The Mill at Sonning Theatre
“I fail to see where the humour is in trivial flippancy,” Noël Coward makes humourless Victor say in this play which he wrote for himself and Gertrude Lawrence. He was joking of course but though Private Lives is full of flippancies it’s serious too; beneath the heady mix of high comedy and farce is a reminder of the things that disrupt marital harmony, of the ups and downs in real relationships.
Director Tam Williams places it firmly in the 1930s (when it premièred) with an elegant setting of a hotel terrace by Michael Holt and Natalie Titchner’s stylish costumes, while before the play starts accordionist Celia Cruwys-Finnigan helps create a French atmosphere.
There are only some potted bay trees to mark what belongs to each of the rooms where two couples have just arrived, unknowing that previous partners have chosen to honeymoon at the same place on the same night five years after divorce ended their marriage.
It is inevitable that former partners Eliot Chase (there with new wife Sibyl) and Amanda (now married to Victor Prynne) encounter each other: embarrassing at first but then rekindling old feelings. It isn’t surprising that they try to hide things from their new younger partners before doing a bunk to Paris where the others pursue them.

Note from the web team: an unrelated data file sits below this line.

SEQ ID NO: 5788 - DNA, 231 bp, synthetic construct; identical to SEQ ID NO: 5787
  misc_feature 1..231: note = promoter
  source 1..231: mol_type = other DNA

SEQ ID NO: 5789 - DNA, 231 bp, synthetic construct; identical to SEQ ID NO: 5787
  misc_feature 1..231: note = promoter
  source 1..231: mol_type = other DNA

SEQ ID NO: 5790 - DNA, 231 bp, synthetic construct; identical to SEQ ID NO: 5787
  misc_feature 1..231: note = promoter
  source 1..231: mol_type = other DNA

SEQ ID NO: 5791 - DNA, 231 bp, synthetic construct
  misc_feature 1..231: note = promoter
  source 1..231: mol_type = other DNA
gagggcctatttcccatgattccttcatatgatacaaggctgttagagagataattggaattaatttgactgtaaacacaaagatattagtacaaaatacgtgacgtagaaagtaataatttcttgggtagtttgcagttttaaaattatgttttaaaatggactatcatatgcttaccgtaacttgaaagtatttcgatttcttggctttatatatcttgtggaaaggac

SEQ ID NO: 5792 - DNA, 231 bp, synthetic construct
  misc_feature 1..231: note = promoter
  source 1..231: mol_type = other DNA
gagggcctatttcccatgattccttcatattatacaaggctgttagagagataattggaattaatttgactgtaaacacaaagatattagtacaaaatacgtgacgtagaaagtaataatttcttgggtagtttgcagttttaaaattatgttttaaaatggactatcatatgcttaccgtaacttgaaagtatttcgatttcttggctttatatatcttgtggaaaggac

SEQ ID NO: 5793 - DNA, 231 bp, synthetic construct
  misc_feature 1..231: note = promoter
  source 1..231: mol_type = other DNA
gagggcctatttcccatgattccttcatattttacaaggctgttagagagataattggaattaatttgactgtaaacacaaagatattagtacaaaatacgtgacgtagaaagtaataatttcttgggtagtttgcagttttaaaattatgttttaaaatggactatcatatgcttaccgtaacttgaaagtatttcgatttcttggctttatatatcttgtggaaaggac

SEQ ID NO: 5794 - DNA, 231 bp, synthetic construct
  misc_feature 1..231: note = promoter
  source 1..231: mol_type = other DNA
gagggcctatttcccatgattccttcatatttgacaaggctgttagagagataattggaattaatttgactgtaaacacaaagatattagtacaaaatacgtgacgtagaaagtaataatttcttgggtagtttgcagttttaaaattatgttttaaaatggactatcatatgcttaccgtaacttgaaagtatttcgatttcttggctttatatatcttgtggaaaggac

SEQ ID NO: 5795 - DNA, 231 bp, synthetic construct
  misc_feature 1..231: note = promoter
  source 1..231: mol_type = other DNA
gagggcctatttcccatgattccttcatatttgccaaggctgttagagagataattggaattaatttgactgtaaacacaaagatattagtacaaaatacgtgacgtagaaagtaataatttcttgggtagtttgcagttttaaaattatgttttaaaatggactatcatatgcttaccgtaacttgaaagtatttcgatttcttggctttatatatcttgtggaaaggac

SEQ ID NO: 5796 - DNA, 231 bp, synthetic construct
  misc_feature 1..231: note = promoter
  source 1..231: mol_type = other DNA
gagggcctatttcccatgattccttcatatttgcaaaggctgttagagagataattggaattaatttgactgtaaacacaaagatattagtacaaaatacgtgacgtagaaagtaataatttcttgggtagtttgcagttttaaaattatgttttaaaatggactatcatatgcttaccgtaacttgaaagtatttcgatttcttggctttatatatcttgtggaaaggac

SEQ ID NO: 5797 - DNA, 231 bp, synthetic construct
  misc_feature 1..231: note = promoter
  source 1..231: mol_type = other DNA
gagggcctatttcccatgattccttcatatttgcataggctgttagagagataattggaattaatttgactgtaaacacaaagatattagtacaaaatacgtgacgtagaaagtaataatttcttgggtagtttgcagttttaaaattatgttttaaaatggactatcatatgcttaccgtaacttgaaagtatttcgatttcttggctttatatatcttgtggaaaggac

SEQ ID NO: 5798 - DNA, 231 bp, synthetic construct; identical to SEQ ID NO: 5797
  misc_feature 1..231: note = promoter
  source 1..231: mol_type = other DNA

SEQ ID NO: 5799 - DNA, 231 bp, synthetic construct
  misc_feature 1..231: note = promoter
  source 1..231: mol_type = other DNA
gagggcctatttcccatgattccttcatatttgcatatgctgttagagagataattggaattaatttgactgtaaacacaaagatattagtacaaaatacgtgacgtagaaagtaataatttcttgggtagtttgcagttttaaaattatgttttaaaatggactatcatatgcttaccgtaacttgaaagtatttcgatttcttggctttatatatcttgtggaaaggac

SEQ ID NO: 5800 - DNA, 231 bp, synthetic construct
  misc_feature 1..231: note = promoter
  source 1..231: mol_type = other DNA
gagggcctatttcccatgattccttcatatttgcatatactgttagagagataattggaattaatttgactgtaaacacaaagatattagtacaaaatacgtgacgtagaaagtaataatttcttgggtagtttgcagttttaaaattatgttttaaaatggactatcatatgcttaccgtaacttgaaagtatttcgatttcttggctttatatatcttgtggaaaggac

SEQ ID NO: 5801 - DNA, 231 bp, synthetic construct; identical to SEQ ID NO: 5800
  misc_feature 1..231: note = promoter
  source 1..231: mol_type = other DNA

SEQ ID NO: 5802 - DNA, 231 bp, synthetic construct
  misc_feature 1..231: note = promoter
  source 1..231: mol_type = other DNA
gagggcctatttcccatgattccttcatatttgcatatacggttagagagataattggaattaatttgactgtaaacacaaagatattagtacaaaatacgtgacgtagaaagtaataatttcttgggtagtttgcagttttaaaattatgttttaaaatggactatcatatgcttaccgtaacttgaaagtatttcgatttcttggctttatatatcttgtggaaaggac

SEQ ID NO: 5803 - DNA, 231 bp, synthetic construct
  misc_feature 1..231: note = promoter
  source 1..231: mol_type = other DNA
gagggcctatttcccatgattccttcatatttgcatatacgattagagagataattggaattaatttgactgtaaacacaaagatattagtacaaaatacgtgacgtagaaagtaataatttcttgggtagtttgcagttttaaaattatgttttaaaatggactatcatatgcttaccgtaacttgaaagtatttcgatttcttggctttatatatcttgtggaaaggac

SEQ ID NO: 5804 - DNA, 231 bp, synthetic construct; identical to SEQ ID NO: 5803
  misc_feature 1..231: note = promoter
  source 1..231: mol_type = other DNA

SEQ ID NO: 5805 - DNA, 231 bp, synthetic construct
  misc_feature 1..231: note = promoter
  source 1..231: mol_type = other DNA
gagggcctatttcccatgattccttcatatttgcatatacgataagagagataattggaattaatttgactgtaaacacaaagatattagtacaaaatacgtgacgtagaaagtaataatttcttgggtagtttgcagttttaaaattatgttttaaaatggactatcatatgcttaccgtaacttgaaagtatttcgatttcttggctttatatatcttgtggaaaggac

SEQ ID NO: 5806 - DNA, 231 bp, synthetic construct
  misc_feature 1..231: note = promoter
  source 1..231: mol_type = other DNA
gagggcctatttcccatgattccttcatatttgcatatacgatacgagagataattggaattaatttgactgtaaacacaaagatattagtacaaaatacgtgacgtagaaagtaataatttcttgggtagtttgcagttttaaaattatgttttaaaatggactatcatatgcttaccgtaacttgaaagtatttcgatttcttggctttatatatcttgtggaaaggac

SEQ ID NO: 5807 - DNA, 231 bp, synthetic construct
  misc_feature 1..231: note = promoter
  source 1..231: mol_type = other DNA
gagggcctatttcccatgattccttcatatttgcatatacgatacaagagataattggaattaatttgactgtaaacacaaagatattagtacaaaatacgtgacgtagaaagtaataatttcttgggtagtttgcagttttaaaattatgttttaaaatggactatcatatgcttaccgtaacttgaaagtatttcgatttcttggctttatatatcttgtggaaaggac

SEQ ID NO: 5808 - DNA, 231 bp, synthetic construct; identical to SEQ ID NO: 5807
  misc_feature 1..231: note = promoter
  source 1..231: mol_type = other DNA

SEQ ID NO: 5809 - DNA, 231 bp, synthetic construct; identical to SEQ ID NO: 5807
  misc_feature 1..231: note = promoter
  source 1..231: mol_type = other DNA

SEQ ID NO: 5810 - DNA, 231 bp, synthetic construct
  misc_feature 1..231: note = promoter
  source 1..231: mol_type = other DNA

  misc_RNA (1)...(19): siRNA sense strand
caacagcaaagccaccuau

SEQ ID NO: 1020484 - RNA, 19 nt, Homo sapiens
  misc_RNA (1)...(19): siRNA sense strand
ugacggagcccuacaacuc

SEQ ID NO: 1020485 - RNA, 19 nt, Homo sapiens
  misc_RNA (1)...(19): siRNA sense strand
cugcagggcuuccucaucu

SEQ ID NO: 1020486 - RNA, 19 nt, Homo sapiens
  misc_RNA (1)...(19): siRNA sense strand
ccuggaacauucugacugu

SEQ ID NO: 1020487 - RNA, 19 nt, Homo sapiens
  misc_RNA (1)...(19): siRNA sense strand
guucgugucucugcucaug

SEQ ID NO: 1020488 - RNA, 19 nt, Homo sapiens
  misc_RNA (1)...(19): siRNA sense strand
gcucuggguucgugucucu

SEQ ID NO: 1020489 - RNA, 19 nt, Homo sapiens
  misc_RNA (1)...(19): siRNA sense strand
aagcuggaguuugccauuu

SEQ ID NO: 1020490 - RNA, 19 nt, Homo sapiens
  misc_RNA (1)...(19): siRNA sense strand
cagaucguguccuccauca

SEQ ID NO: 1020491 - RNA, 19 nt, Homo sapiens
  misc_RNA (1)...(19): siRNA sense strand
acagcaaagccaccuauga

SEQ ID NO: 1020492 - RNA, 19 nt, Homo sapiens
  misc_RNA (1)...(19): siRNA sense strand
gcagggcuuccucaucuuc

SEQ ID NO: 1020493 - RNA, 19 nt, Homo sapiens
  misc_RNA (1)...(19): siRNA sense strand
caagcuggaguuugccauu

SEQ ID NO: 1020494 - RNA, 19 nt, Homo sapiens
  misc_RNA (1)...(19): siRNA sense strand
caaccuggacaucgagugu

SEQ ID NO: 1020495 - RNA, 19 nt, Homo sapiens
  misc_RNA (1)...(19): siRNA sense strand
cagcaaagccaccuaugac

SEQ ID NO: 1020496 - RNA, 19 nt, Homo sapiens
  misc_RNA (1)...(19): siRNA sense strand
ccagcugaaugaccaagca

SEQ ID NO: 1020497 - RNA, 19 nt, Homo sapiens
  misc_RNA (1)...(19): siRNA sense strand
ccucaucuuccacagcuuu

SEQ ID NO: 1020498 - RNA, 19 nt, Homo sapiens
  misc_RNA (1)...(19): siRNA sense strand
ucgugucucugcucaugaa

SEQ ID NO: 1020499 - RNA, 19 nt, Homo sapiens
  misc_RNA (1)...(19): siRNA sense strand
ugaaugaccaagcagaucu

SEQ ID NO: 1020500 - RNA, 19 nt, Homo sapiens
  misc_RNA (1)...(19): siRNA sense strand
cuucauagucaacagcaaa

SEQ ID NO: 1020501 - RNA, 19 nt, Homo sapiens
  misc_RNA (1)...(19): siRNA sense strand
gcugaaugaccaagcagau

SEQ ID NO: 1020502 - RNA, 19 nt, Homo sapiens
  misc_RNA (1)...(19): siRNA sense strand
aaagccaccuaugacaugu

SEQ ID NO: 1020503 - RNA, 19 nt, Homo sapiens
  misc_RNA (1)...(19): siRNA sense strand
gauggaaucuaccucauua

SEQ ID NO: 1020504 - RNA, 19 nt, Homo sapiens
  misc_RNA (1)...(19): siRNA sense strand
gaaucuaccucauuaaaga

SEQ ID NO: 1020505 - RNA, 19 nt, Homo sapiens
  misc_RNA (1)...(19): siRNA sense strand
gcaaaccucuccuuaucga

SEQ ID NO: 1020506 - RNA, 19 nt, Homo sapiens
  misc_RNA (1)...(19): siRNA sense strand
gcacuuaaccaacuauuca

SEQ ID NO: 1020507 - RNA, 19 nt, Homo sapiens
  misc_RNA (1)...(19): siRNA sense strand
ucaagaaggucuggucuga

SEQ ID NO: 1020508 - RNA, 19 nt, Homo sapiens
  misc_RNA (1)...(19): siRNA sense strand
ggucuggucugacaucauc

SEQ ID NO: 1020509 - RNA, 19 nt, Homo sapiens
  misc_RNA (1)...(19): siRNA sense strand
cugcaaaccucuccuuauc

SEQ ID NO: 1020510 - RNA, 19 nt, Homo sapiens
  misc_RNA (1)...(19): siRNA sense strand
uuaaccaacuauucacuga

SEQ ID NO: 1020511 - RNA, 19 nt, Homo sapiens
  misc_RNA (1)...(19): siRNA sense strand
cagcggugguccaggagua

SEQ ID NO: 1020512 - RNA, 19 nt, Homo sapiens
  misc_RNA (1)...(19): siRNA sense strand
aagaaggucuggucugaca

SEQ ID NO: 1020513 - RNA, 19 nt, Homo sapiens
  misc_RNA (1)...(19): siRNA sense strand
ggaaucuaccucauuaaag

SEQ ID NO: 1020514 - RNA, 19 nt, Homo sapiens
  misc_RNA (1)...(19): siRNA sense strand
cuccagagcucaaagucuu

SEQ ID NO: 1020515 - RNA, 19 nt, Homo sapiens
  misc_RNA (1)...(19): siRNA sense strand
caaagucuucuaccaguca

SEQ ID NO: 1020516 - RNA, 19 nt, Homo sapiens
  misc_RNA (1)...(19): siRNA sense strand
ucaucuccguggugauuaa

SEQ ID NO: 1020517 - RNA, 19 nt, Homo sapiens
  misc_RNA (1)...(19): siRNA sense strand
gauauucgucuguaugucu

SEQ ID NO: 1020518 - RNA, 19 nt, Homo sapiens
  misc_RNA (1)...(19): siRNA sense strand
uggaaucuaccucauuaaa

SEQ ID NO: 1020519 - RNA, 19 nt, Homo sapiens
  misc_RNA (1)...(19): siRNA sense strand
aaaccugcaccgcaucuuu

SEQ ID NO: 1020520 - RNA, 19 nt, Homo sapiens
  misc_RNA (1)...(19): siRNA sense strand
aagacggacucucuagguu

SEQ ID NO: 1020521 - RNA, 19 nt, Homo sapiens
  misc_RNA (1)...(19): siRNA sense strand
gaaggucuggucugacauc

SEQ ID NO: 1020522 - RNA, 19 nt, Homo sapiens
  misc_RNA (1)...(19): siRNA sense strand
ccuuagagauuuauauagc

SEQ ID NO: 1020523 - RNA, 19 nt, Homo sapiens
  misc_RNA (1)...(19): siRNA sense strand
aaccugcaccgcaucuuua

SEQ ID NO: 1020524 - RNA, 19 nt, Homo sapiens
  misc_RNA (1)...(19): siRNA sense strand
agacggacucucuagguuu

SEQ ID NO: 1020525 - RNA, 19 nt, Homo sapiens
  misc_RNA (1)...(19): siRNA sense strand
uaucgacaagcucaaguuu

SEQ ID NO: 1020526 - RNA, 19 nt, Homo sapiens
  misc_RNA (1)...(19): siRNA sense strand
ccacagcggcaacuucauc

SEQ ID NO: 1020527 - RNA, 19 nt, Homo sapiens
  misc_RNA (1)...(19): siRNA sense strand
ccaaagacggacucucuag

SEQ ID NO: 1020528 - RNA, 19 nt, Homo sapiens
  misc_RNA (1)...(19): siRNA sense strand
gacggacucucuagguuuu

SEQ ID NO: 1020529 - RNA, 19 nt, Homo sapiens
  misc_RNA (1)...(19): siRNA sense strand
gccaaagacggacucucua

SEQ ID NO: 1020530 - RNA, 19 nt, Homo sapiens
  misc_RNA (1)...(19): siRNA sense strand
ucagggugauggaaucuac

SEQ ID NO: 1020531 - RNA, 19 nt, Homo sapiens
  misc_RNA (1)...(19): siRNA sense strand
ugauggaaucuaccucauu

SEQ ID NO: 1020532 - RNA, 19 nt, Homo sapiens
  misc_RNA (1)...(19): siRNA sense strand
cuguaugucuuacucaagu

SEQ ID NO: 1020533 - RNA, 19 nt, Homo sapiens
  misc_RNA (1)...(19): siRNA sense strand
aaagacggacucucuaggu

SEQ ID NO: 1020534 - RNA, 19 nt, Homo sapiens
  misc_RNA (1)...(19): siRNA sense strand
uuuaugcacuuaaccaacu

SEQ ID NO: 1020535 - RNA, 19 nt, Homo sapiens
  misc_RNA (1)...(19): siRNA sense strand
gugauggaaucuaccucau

“Honeymooning is a very overrated amusement,” says Amanda but Coward turns their predicament into very clever comedy. At the press matinée I saw, an audience of older folk who had all had an excellent lunch (it comes as part of the ticket here) weren’t the easiest to play to and the actors were at first a little too fast and a little too forceful to turn amusement into laughter, but then they slowed down just a little and in the second act as the sure-fire comedy gains momentum things really took off.
Darrell Brockis is suave and laid-back as Eliot. New wife Sybil says he is blasé. He calls her “a strawberry-blonde kitten” and clearly it is not for her mind that he has married her. Lydea Perkins gives us a spoiled young woman with a middle-class voice who is still playing a little girl act expecting to get her own way. She is really no match for experienced Amanda whom Eva Jane Willis gives a relaxed confidence that can spark into fiery temper when challenged.
You can’t help but wonder what she saw in her new husband Victor, maybe his youth and ordinariness for though he’ll put his fists up to be conventionally masculine there is a bit of the wimp about him, somehow emphasised by a thin moustache like that Laurence Olivier wore when he created the role.
Though set in the lifestyle of the '30s (and wonderfully free of social media interruptions), Coward’s wit is still sharp-tongued and this play hilariously funny. It is dated but certainly not out of date. I could wish that Tam Williams had given us a little more than we get of the song that Coward wrote for the play but his production has style and is still very funny—even for theatregoers who know what is coming.
Reviewer: Howard Loxton